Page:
And when you are evaluating the economic impact, please take into account that it will run around $5K per day to stay in the hospital. So, right now in Texas we are burning $25M per DAY of Covid cases in the hospital, and that will continue to grow. That doesn't count the lost productivity while people are at home sick and not able to work or in the hospital not able to work, but each death costs around $1M in economic productivity. Feel free to start adding it up.
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Re: Covid in Moody

Postby One Trick Pony » Fri Jun 26, 2020 2:08 pm

JasonB wrote:
ponyboy wrote:By the way, I just ran the numbers on Texas (source: covidtracking.com) and it appears that the mortality rate in Texas is about 2 in 1000, about twice as deadly as the seasonal flu. Enough to shut down a good portion of the economy? Well, we do have to consider other factors: What helps the argument for the government to step in with the measures it has is the fact that it appears there are other negative effects, see for instance Dukie's reference to "honeycomb lung." But what hurts the argument are deaths (from delayed surgeries, stress, and the like) directly caused by state intervention. Plus whatever value you want to put on individual freedom. And then of course the loss of jobs, possible recession, and the huge debt we're accumulating and passing down to future generations.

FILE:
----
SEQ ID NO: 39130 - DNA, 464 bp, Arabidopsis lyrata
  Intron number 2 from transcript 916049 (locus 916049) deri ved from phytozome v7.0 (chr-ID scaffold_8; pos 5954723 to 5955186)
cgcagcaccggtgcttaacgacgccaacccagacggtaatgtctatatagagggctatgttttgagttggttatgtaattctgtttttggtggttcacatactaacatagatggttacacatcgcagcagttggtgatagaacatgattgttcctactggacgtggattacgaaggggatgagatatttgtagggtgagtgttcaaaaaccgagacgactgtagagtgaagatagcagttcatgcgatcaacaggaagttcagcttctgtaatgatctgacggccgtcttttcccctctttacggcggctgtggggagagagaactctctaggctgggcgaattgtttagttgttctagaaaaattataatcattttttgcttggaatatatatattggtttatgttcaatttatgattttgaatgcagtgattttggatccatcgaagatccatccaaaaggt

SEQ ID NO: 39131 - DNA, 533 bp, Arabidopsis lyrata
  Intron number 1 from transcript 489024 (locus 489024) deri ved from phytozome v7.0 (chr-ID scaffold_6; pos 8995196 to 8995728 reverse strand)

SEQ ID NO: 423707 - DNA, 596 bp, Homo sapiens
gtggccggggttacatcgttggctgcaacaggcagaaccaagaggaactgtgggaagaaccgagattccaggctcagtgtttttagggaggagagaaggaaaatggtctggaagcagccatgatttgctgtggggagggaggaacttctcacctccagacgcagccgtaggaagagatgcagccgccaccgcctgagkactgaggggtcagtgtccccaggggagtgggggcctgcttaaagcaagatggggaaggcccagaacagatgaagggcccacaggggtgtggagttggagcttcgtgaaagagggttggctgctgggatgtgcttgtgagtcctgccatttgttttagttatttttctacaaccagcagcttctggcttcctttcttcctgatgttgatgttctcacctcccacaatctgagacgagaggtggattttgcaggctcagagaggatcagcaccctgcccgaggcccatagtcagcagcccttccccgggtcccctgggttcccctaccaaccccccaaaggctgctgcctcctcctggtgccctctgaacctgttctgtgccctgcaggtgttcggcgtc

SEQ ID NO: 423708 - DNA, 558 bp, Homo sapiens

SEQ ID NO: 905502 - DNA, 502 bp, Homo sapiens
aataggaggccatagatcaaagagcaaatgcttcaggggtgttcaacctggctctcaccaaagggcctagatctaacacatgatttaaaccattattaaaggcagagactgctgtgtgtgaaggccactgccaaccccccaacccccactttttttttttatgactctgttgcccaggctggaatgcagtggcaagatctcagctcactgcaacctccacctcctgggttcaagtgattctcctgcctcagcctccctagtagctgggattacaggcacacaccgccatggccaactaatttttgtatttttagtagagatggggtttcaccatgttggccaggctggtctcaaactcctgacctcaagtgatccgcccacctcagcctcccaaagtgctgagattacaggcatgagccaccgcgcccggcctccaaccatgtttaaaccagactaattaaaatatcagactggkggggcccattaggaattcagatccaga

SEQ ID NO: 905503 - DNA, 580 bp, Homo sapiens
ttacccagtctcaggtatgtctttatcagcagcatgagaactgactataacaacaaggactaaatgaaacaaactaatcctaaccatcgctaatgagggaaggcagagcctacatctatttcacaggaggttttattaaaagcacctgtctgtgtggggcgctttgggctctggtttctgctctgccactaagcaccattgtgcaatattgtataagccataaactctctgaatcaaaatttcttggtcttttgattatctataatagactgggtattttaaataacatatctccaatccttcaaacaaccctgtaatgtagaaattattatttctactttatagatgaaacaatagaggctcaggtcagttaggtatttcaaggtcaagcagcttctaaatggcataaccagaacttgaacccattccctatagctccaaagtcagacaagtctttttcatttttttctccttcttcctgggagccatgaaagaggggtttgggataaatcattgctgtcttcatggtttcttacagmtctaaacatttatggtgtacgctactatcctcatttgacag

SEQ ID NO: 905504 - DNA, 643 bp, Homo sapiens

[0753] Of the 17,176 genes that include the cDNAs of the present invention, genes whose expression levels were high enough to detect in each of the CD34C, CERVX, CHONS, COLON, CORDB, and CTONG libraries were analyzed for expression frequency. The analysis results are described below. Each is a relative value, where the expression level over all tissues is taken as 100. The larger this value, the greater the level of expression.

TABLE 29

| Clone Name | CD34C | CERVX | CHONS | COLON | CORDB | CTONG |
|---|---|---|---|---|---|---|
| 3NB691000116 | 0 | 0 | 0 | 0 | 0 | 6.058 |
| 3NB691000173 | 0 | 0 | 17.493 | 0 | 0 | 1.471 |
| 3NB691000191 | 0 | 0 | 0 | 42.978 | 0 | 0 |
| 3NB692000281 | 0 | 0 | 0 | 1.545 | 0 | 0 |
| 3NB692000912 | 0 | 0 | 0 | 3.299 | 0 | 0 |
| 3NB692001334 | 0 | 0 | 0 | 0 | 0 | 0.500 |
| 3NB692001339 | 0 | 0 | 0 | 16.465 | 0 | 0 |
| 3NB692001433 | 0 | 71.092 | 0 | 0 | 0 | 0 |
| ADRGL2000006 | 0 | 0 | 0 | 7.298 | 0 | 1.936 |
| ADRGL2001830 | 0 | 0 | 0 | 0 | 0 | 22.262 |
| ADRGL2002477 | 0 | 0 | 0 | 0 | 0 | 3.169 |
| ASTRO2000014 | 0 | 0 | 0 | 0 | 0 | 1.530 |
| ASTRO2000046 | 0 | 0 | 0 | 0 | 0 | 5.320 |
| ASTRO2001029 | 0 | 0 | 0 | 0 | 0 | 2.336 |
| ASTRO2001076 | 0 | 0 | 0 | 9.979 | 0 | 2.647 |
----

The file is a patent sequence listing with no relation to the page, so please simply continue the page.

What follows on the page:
I think there's a good chance government should have done nothing at all. I guess we shall see in the future, when all data is in and we can reasonably tally the cost. Hopefully we'll learn from the experience.


Mortality trails cases by 2 weeks. The only thing we know about the mortality rate is that it is a lot worse than the flu, especially for certain age groups. But the surge in hospitalizations won't turn into deaths for another week from today. Hopefully the death acceleration doesn't match the hospitalization acceleration.

More critically, it hospitalizes across the age groups at a much, much, much higher rate than the flu. Guess what happens about all those "other surgeries" when the hospitals in Dallas, Houston, San Antonio, and Austin are too packed to carry them out?